Pheasants, guinea fowl, and fallow deer have also been released on to the property. Wairakei has become home to many kiwi chicks now that there is a kiwi egg incubation facility at the sanctuary.

There has been a noticeable increase in insect life, tree seedlings and native birds like the tui, with its distinctive white throat tuft, which is part of the Wairakei emblem.The sanctuary eagerly awaits the two kārearea (New Zealand falcon) that return annually to nest.



Here you can read New Zealand Part 1, Part 3 and Part 4

New Zealand – Part Three

New Zealand – Part Three

New Zealand: Extraordinary Natural Beauty, Heavenly Wineries, and World-Class Golf

After traveling through miles and miles of natural beauty and ancient rainforests, we settled ourselves for a couple of nights in the coastal town of Napier.

After a massive earthquake (registering 7.9 on the Richter scale) in 1931 Napier was rebuilt with many buildings designed in an Art Deco style with unique Maori motifs.

Considering Napier was completely leveled by New Zealand’s deadliest disaster, it is now a thriving place in the renowned wine-producing region of Hawke’s Bay.

We enjoyed our time strolling along the waterfront promenade called the Marine Parade. We discovered an excellent Indian restaurant — Rasoi — where we were lucky to get a table.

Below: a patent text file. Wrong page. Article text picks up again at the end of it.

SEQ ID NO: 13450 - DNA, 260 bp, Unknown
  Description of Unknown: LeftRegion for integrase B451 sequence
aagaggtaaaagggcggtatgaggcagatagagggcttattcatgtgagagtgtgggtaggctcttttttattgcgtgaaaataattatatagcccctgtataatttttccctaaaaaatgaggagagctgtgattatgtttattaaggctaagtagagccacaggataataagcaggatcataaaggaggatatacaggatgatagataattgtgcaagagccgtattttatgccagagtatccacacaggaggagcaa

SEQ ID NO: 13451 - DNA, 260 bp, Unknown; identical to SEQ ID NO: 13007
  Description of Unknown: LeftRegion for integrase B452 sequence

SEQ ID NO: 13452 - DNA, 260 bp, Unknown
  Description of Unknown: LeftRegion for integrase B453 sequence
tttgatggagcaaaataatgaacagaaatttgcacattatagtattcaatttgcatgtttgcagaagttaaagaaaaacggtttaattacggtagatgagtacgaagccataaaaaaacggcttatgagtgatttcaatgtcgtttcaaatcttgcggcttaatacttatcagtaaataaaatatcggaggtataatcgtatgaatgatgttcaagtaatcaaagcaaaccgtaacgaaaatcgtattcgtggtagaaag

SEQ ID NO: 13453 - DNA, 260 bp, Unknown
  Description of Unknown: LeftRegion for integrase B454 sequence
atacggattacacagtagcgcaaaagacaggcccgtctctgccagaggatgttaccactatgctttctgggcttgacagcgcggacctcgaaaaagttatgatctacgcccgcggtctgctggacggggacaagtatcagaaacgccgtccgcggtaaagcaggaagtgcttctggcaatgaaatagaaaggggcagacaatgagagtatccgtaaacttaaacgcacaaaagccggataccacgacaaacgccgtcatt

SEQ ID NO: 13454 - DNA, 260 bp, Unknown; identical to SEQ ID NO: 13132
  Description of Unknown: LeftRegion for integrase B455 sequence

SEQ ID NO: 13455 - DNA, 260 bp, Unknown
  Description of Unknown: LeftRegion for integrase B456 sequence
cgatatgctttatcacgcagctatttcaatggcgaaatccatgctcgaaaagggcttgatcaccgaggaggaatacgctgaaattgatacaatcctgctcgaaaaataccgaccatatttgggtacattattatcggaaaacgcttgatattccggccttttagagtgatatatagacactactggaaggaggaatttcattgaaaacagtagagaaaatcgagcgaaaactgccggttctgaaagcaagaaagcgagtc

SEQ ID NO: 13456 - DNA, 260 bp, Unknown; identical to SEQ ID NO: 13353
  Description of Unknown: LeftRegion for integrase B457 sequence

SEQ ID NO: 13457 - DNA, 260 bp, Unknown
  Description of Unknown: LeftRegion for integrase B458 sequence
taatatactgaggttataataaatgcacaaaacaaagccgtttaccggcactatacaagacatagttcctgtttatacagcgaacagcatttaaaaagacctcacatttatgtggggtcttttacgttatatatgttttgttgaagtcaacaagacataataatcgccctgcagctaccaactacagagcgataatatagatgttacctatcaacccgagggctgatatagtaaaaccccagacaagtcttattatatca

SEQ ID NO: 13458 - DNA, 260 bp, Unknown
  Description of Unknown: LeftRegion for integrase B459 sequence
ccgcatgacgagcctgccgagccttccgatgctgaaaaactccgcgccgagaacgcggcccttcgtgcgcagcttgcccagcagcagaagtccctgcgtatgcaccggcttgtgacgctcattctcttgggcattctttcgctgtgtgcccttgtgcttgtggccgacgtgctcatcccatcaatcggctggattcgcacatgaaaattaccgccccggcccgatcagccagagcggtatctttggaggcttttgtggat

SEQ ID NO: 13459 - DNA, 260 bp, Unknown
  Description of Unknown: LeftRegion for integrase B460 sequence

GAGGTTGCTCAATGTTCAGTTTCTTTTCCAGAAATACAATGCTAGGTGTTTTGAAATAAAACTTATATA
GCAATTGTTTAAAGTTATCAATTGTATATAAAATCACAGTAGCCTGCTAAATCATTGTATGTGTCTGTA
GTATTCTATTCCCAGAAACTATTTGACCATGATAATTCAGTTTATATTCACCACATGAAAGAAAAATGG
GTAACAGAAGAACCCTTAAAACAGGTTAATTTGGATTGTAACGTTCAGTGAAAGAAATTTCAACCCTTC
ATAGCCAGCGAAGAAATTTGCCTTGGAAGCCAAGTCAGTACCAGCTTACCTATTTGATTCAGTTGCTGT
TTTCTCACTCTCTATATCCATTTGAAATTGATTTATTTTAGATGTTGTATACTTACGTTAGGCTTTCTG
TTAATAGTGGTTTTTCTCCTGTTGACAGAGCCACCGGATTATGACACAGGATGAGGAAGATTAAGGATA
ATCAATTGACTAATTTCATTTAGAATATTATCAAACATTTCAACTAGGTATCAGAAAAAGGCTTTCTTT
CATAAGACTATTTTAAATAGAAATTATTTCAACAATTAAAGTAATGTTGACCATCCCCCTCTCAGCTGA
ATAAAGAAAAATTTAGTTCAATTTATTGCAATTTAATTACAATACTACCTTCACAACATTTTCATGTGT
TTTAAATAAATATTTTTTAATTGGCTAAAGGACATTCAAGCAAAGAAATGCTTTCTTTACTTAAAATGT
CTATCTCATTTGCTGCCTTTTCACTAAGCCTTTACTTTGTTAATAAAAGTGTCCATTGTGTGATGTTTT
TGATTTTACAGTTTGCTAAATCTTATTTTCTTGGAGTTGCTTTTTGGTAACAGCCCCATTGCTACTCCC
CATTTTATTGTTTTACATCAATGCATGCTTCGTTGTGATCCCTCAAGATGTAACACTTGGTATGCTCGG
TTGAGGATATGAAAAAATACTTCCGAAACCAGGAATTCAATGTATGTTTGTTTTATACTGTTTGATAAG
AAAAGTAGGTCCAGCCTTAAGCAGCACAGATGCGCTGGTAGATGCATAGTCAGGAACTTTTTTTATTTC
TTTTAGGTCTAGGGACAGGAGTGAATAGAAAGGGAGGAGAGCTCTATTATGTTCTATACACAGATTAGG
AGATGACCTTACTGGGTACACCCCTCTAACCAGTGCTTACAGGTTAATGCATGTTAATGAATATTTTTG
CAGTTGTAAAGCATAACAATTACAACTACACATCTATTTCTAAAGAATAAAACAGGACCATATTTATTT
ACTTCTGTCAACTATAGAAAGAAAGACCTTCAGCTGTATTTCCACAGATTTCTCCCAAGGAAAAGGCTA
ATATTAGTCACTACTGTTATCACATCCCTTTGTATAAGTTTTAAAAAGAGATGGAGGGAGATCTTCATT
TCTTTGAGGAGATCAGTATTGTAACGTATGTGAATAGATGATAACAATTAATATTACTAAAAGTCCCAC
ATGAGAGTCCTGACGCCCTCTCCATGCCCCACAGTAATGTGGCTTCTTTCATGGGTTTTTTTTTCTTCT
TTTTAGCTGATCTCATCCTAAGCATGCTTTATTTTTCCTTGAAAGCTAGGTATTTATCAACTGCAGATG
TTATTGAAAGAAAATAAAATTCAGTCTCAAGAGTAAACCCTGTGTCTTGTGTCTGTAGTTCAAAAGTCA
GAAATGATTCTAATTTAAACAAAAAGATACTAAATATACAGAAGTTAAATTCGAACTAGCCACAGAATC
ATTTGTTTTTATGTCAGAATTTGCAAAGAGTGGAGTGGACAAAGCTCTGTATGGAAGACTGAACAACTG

Kevin mainly picked this spot for two reasons — the first so we could be close to Craggy Range. Hawke’s Bay is New Zealand’s oldest wine region and has over 200 vineyards, 76 wineries and 38 cellar doors. It could have been a tough decision where to go, but not for us.

Our wine adventure at Craggy Range was an exceptional highlight of our trip. This family-owned winery produces iconic wines from grapes grown on estates in Hawke’s Bay, Martinborough and Marlborough. Before (and after) our sumptuous lunch of Eye Filet Steak for Two, prepared by Head Chef Casey McDonald, while strolling around the grounds, I discovered the stunning bronze sculptures of a Charolais family — a bull, cow and calf — by Paul Day.